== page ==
The Abundance of Scarcity

 

Spending a few days hiking solo in the desert isn’t necessarily the most common way to spend Christmas break, but some people just aren’t very common. Matt, our Program Officer, spent a few days hiking the path in the Negev towards the end of December and ended up learning a thing or two about the simple things in life:

“Do you need help?” – a voice called to me, pulling my mind away from my map.

I was nearing the end of the third day of my solo-backpacking trip in the Negev desert. I had followed the Abraham Path in the Craters Region the first two days of my trip, traveling through stunning desert scenery, including haMakhtesh haKatan (The Small Crater) and Wadi Hatira. On day three I followed the sharp Karbolet Ridge along the south rim of haMakhtesh haGadol (The Large Crater) and then trudged upstream through the dry, flat expanse of the Wadi Tzin Valley en route to Medreshet Ben Gurion, where I planned to stay with a friend before continuing to Mitzpe Ramon.

After a long hike with several challenging ascents and descents, I must have looked rather battered because the speaker’s next words were, “Are you alright?”

“I’m fine,” I replied, recognizing the person as a young woman, presumably a student at the local university, whom I had passed while laboring up a dusty dirt road to the top of the plateau where the town was located. “I’m just checking my map for the right path into town.”

“I’m going in now,” she replied. “I’ll show you the way.”

I eased into a steady gait, following her and the red trail blazes along a dirt path that wound toward the houses in the distance. She slipped off her sandals, clearly enjoying feeling the earth under her feet.

“Where are you coming from?” she asked.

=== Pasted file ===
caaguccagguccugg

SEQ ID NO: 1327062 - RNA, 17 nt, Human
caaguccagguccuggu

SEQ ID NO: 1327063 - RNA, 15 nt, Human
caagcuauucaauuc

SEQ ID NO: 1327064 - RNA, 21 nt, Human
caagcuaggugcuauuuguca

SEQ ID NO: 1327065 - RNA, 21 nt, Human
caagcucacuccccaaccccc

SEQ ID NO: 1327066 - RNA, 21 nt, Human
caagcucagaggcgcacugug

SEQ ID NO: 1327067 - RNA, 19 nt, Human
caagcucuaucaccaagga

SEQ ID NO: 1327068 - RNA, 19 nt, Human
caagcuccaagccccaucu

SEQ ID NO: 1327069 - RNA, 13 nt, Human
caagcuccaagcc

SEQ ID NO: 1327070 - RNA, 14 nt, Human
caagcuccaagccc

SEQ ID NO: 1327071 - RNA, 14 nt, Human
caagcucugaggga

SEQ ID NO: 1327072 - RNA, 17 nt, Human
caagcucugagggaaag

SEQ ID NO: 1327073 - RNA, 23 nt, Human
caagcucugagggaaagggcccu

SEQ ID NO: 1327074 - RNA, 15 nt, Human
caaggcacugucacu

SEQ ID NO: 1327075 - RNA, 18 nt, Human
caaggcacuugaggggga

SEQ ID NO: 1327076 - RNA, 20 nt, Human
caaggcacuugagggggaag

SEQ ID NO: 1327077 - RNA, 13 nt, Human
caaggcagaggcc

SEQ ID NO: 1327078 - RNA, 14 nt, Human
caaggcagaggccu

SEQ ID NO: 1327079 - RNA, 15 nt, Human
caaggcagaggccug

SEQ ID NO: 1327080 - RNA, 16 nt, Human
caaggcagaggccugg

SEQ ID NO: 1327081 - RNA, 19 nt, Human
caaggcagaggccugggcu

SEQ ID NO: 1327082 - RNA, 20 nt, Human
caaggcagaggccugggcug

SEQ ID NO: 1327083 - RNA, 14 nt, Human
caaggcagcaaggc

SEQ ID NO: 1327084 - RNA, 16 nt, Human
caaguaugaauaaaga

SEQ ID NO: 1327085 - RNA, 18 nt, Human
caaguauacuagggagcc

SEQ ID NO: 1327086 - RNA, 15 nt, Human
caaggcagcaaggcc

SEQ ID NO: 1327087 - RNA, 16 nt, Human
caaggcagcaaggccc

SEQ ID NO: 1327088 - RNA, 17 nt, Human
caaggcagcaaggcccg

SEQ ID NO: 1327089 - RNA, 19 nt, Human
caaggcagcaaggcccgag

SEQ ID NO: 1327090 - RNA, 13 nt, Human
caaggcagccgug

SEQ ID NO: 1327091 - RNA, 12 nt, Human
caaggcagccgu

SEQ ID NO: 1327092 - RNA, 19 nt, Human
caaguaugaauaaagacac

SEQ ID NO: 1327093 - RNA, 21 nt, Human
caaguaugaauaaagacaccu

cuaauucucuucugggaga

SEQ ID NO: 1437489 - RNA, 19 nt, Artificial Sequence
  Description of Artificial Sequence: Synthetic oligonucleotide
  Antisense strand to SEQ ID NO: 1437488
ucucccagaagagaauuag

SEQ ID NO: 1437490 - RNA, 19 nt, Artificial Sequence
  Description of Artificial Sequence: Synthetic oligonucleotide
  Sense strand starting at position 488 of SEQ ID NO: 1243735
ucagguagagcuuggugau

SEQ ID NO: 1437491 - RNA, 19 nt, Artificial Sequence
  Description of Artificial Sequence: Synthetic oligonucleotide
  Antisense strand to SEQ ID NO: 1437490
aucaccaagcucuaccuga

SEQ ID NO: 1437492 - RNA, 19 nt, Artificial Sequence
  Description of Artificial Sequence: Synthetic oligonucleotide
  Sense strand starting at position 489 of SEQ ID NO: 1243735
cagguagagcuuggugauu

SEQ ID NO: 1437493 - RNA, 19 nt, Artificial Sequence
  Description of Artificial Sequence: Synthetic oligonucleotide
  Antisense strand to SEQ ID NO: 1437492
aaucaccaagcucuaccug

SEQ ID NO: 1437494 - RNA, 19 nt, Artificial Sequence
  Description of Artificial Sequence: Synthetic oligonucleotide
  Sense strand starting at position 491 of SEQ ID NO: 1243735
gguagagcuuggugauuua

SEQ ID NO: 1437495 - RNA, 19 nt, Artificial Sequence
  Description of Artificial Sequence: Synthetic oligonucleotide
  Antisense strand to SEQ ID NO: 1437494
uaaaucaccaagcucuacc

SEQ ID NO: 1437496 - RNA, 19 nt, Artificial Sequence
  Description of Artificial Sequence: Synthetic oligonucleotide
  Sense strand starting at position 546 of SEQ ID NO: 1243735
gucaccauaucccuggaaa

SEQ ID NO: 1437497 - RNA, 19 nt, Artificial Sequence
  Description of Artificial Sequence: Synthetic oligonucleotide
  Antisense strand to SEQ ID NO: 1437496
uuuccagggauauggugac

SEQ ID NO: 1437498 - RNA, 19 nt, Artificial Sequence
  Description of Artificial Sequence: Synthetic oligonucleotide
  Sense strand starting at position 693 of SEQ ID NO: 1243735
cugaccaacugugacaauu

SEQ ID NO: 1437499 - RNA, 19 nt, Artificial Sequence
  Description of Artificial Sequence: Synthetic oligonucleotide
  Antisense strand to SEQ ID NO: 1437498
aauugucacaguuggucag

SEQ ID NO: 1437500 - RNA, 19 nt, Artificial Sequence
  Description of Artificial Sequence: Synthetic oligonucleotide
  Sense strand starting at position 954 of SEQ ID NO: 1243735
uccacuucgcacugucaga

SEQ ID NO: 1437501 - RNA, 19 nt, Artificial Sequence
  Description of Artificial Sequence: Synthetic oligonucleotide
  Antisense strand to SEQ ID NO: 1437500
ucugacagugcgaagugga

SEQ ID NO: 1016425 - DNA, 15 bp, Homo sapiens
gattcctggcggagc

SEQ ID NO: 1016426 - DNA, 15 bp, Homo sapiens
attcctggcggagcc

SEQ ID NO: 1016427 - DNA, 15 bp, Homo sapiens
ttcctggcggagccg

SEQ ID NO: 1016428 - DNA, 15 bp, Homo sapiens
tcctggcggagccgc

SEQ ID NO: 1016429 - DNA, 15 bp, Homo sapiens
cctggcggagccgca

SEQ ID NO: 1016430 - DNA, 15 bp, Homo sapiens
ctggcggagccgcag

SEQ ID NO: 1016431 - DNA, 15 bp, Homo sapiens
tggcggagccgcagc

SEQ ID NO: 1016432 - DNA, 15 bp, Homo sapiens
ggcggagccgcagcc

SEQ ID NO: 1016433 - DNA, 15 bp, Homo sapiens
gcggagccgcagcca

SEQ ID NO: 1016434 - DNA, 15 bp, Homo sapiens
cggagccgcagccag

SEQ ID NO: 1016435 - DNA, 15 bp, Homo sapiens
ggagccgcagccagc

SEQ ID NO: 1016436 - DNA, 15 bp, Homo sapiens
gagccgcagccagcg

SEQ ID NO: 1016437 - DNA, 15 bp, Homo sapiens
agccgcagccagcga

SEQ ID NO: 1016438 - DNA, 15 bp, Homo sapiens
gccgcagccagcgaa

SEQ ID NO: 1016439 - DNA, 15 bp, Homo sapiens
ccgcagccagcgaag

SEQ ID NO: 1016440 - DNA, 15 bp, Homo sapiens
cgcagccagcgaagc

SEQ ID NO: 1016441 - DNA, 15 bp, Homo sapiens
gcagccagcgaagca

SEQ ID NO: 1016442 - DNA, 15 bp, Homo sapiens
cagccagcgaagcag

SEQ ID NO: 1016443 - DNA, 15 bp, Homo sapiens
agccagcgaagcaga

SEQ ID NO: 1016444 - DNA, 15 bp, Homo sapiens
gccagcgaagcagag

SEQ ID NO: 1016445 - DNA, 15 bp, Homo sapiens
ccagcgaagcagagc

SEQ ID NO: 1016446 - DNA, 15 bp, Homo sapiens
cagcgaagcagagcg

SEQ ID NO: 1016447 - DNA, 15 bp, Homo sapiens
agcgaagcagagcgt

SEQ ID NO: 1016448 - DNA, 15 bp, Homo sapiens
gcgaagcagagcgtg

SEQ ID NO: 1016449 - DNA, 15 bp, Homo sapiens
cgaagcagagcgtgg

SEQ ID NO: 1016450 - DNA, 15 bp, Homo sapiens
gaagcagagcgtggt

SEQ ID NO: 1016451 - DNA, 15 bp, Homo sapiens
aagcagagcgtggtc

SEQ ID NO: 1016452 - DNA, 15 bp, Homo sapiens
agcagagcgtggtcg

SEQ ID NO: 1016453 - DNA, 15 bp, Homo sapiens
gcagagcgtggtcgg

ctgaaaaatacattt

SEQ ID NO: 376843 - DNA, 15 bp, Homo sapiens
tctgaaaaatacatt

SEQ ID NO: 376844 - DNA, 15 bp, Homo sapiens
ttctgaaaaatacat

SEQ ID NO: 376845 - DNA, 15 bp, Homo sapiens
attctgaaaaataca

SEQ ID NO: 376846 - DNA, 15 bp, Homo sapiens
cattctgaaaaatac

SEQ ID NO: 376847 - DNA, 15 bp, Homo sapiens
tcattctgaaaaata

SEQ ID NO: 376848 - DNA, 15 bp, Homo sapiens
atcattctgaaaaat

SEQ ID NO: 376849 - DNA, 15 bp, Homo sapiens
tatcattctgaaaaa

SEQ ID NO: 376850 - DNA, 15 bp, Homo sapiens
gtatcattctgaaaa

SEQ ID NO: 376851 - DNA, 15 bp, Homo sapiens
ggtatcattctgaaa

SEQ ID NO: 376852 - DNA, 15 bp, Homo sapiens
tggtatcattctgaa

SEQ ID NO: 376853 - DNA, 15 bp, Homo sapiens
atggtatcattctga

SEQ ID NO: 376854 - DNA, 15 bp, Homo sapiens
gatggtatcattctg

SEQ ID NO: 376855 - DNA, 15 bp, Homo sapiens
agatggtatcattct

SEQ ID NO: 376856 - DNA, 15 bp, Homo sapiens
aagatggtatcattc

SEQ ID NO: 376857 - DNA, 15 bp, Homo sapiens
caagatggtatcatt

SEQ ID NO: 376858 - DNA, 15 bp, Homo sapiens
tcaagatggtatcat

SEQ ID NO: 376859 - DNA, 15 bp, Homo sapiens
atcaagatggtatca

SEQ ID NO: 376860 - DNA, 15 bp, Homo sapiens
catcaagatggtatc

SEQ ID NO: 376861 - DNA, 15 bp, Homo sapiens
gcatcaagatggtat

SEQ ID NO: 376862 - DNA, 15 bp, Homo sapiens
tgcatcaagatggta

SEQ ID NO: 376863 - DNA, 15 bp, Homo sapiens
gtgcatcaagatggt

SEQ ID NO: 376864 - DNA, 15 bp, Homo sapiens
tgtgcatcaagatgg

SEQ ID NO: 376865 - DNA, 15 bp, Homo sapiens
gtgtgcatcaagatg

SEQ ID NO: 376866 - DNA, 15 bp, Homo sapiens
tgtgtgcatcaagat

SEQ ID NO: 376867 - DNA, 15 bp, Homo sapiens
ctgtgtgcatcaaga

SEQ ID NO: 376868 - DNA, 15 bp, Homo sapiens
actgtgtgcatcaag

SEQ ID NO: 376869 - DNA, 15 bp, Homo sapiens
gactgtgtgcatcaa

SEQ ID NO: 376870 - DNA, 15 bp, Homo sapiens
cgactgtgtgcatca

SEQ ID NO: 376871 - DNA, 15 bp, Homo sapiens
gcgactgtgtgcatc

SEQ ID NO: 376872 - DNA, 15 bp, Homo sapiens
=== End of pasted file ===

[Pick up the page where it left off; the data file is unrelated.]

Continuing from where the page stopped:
“I started today by the phosphate plant near Yeroham Spring,” I said, and she look at me quizzically.

“A-OR-ON,” I stammered out a Hebrew word I had seen on my map.

“Ah,” she replied, “The factories. That’s a long way. Which route did you take?”

“I came over the Karbolet and down Wadi Afran.”

“Ooooh!” she exclaimed, “There must have been been water in the wadi!”

“Yes!” I confirmed. The desert had recently received one of its rare winter rains, and deep muddy pools were scattered through the length of the steep wadi. “The wadi was beautiful, but I had rough time avoiding falling in the pools!”

“You didn’t get in!?” She sounded appalled. “We have a rule here in the desert, since we so rarely have rain – whenever you find a pool while hiking, you jump in!”

I laughed. Wading through pools had been far from my mind while toiling down the wadi with a 40 pound pack, but I could understand the allure of the touch of water in such a dry climate.

We passed through a small gate that brought us into town. She continued on her way, and I waited to meet my friend, pondering over her words – “Whenever you find a pool, you jump in!” – and her clear, deep appreciation for the land around her.

While hiking along through the arid desert I realized that I too had become keenly aware of brief vibrant moments in otherwise barren surroundings.

In a land devoid of water, I was struck by the several pools (at Tzafit Spring and in Wadis Hatira and Afran) I saw along the path.

In a place where life struggles to survive, I constantly noted the flora (green stalks that would be in bloom within a week or two) and fauna (Nubian Ibex and many birds) I encountered along the way.

And, at a time of year when winter nights arrived at 16:30 each day, I admired the rich starscapes and enjoyed figuring out where and when familiar constellations appeared in the sky, many miles away from home.